The Great Unknowns, Homefront
After a wait of seven years the Great Unknowns have a follow-up to their superb debut CD, and while Becky Warren's new batch of songs have on the whole a little less melodic intensity than the earlier set, her soft alto retains its ability to soothe and wrench at the same time. The opening track, "Lexington," is a high-energy roots-rocker in search of a strong chorus, but "Dead River, Lake County" fulfills the promise of Avril Smith's tight guitar intro and Warren's tersely sweet opening melody.
Images of traveling by highway, a country music commonplace, are thick all over this album as they were on the band's last – in fact so ubiquitous that they become a deeply important theme. Added to that is a concern with communication woes: "You've got a way of saying something/That everyone wants to hear/In a way that no one wants to hear it," goes the refrain of "Birmingham," while the bouncy throwaway "Bad Way" treats similar subject matter with a lighter touch.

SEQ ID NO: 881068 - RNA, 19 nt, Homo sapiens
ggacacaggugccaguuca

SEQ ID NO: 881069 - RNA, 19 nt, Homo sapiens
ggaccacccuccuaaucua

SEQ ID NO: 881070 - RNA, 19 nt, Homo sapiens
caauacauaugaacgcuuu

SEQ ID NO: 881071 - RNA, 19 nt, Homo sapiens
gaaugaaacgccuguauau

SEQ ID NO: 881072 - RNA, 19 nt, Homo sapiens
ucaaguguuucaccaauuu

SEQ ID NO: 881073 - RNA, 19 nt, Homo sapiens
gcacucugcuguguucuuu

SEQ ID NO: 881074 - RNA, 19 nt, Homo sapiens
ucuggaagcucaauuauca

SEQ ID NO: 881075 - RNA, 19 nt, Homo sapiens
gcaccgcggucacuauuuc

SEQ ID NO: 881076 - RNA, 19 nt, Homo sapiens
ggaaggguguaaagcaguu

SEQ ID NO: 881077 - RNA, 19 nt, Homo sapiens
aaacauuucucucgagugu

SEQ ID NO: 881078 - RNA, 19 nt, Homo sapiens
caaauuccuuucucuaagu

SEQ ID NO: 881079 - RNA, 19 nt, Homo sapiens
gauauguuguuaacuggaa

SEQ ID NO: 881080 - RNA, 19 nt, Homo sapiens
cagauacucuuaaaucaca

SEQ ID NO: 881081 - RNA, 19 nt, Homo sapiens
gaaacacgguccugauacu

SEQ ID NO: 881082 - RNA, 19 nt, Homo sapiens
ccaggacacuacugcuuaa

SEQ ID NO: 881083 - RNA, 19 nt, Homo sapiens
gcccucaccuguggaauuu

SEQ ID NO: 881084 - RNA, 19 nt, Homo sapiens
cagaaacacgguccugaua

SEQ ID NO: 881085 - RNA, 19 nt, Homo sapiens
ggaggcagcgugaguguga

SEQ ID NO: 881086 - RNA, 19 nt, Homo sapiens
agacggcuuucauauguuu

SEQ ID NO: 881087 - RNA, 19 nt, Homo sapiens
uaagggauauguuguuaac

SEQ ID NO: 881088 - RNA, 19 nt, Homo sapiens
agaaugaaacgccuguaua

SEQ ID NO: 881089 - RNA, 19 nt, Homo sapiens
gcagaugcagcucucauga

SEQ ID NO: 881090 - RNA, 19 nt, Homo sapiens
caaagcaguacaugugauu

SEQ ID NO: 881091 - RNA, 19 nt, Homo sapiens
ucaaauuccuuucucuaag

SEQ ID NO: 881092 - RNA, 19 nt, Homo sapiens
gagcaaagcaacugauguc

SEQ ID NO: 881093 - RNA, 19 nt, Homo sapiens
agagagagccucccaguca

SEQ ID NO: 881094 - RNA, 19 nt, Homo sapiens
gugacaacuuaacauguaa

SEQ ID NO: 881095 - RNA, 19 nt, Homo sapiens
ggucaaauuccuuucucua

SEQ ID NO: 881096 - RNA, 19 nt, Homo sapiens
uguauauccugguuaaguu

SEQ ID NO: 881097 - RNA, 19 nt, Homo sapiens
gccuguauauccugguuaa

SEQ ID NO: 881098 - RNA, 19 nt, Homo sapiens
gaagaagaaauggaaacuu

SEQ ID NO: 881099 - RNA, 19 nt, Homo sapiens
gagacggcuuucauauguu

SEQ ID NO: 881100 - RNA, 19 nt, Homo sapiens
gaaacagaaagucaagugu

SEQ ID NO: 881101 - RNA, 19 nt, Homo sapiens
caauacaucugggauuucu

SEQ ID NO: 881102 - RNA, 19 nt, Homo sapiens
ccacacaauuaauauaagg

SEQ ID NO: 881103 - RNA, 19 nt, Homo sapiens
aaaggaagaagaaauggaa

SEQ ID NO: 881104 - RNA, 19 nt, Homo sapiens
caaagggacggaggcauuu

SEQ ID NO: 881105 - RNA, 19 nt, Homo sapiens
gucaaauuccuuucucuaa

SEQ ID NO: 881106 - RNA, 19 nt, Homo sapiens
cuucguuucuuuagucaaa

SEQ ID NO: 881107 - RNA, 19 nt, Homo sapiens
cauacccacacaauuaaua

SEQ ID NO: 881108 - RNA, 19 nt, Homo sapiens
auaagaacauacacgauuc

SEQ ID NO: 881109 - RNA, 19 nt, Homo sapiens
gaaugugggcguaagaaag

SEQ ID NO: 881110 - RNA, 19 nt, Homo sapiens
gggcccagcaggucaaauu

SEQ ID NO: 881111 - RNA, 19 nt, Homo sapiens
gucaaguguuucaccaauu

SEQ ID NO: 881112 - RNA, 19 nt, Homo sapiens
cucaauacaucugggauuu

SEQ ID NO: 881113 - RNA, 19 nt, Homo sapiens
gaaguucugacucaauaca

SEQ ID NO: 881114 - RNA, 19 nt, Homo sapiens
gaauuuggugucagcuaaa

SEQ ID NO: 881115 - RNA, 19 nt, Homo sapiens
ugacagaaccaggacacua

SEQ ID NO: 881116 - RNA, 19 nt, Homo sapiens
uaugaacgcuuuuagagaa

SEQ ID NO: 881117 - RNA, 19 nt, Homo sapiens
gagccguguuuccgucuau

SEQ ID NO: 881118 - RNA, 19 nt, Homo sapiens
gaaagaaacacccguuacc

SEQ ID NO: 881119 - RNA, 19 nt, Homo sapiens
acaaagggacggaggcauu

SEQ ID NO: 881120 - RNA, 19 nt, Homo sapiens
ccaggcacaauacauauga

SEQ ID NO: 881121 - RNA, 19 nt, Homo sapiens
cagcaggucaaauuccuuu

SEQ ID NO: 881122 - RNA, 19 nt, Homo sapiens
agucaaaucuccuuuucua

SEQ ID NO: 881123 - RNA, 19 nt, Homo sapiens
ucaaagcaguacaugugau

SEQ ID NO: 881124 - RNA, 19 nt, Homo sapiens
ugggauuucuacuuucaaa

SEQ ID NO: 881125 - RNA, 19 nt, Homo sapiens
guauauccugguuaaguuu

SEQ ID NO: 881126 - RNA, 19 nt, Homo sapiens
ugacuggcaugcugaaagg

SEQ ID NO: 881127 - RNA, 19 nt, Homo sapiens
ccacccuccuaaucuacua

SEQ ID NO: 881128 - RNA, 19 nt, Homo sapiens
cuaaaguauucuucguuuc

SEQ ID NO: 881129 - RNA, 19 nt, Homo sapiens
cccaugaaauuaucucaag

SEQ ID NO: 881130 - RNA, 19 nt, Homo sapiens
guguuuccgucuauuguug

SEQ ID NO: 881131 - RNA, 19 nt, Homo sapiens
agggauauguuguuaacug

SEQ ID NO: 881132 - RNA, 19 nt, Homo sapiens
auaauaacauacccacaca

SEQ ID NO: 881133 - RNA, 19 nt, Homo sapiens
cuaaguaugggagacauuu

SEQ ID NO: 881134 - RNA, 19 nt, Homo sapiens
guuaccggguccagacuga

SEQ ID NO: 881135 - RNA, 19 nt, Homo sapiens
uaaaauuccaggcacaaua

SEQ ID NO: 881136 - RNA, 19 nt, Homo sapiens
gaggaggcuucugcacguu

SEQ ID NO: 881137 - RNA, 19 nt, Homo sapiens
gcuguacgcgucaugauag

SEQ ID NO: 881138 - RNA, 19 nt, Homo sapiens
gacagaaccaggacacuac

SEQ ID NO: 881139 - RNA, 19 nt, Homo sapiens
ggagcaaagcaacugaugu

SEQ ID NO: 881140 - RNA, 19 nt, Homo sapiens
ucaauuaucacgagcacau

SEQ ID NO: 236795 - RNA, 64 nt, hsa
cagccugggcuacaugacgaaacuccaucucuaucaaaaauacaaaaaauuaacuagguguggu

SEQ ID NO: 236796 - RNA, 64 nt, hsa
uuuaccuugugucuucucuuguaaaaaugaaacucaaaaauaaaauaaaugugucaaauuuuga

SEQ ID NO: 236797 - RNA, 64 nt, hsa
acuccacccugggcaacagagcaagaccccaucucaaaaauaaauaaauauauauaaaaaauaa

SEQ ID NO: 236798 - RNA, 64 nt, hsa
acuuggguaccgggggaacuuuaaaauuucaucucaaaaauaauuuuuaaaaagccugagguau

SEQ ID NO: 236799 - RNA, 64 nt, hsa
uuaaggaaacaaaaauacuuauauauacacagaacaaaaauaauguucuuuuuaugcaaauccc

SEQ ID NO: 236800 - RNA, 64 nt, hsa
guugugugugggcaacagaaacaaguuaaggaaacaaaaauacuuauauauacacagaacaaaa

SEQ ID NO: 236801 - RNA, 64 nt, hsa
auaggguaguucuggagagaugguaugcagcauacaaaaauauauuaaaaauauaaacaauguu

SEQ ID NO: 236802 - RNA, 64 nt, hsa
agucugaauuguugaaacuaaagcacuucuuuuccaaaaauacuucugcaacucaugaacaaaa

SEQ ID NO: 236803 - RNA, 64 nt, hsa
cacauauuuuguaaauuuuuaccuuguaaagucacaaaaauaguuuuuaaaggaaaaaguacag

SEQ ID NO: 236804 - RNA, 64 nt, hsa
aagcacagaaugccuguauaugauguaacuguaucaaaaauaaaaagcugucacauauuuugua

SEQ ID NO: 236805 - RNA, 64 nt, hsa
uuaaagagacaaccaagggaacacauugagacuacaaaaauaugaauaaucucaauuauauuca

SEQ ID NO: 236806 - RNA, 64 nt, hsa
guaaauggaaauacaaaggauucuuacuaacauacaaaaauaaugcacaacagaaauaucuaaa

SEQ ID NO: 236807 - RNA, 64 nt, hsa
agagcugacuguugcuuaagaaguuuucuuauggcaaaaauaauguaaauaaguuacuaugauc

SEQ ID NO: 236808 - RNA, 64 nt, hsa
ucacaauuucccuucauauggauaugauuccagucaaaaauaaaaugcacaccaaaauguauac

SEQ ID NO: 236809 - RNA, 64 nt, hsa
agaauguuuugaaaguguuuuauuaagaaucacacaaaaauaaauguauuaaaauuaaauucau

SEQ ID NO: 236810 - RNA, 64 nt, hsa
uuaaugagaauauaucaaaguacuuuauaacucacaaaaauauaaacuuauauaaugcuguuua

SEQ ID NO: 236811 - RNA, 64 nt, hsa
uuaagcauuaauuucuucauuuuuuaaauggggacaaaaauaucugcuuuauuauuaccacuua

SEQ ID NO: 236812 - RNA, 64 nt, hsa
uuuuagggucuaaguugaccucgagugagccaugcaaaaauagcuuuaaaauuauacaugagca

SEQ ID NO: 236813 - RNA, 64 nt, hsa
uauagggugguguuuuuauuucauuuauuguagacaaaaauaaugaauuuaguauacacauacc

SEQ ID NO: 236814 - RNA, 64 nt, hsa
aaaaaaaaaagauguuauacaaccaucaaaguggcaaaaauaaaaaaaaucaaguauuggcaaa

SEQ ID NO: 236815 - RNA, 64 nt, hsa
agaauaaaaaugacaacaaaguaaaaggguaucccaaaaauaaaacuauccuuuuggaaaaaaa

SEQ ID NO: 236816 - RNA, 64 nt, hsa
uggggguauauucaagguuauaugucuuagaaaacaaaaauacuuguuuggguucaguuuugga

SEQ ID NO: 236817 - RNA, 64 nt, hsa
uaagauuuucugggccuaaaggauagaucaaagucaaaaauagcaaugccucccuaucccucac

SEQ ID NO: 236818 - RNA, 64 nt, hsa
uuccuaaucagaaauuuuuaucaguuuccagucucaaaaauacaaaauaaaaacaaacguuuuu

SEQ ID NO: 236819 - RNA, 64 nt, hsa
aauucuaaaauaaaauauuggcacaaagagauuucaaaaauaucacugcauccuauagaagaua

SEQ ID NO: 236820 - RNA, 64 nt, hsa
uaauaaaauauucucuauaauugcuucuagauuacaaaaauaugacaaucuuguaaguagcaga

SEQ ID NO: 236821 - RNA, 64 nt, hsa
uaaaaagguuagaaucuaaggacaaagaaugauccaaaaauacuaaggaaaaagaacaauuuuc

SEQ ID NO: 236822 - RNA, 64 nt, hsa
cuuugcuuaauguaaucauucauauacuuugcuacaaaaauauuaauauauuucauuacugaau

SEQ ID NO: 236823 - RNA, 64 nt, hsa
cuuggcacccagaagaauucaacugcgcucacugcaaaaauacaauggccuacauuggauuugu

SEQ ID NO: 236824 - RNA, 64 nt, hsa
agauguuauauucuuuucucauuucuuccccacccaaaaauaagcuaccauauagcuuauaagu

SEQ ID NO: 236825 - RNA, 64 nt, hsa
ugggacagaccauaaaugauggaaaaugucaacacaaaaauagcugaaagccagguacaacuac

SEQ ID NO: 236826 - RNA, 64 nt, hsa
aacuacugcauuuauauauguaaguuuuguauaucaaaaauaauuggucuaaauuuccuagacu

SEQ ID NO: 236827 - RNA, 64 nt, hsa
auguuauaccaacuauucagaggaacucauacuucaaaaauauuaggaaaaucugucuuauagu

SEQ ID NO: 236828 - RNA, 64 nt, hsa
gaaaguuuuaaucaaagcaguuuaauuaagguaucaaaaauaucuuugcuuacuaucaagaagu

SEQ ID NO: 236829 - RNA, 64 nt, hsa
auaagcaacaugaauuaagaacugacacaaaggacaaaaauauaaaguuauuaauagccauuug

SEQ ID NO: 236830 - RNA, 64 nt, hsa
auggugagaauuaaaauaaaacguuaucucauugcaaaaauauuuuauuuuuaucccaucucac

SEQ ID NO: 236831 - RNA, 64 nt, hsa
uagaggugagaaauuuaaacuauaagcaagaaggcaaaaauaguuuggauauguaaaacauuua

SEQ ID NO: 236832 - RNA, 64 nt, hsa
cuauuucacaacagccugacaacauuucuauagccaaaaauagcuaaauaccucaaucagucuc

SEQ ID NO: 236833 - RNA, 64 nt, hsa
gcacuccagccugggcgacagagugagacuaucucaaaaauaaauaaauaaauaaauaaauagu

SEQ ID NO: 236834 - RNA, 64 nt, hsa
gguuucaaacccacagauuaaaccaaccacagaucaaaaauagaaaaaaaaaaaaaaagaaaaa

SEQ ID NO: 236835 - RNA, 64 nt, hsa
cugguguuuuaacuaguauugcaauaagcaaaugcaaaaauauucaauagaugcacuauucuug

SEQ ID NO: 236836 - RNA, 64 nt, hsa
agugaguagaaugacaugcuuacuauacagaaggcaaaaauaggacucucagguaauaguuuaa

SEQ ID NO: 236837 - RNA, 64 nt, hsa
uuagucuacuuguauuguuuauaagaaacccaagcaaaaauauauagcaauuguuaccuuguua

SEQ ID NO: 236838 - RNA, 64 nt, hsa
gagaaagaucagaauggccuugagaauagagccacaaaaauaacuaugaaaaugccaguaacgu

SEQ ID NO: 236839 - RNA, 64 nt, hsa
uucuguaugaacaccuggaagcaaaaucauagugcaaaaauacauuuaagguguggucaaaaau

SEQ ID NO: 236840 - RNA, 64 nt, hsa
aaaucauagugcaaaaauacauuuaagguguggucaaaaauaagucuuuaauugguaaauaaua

The title track, with its words of love and longing, its biting guitar, and its ghostly Wurlitzer arpeggios (by guest keyboardist Tyler Wood), acutely represents the unusual ability this band has always possessed to rock and sound plaintive at the same time. The slow closer, "Army Corps of Engineers," fittingly wraps up the album with a sad but hopeful look at a family relationship traumatized by war: "Like a radio signal down a long highway/This too is gonna pass away."
Arty Hill, Another Lost Highway
Speaking of road themes, this unprepossessing set of "modern honky tonk" zips by with an easygoing energy that carries good, solid songs played by top-quality musicians who make it sound easy.
Hill's last album was a Hank Williams tribute, and the influence of Williams, Johnny Cash, and other greats of traditional country music is emblazoned on these 12 original tunes. Though the music fits securely in the country tradition, some of the subject matter has a wry, humorous twist, like the hospital scene depicted in "Omaha ICU" ("My baby she don't come around/To see me in my paper gown"), or "King of That Thing," about a pedal steel guitarist with "lightning hands/and syncopated smile on his face/Better hide your woman and her bestest friend." It's an appropriate sentiment, as there is quite a bit of notably excellent pedal steel playing on this disc, from several different musicians.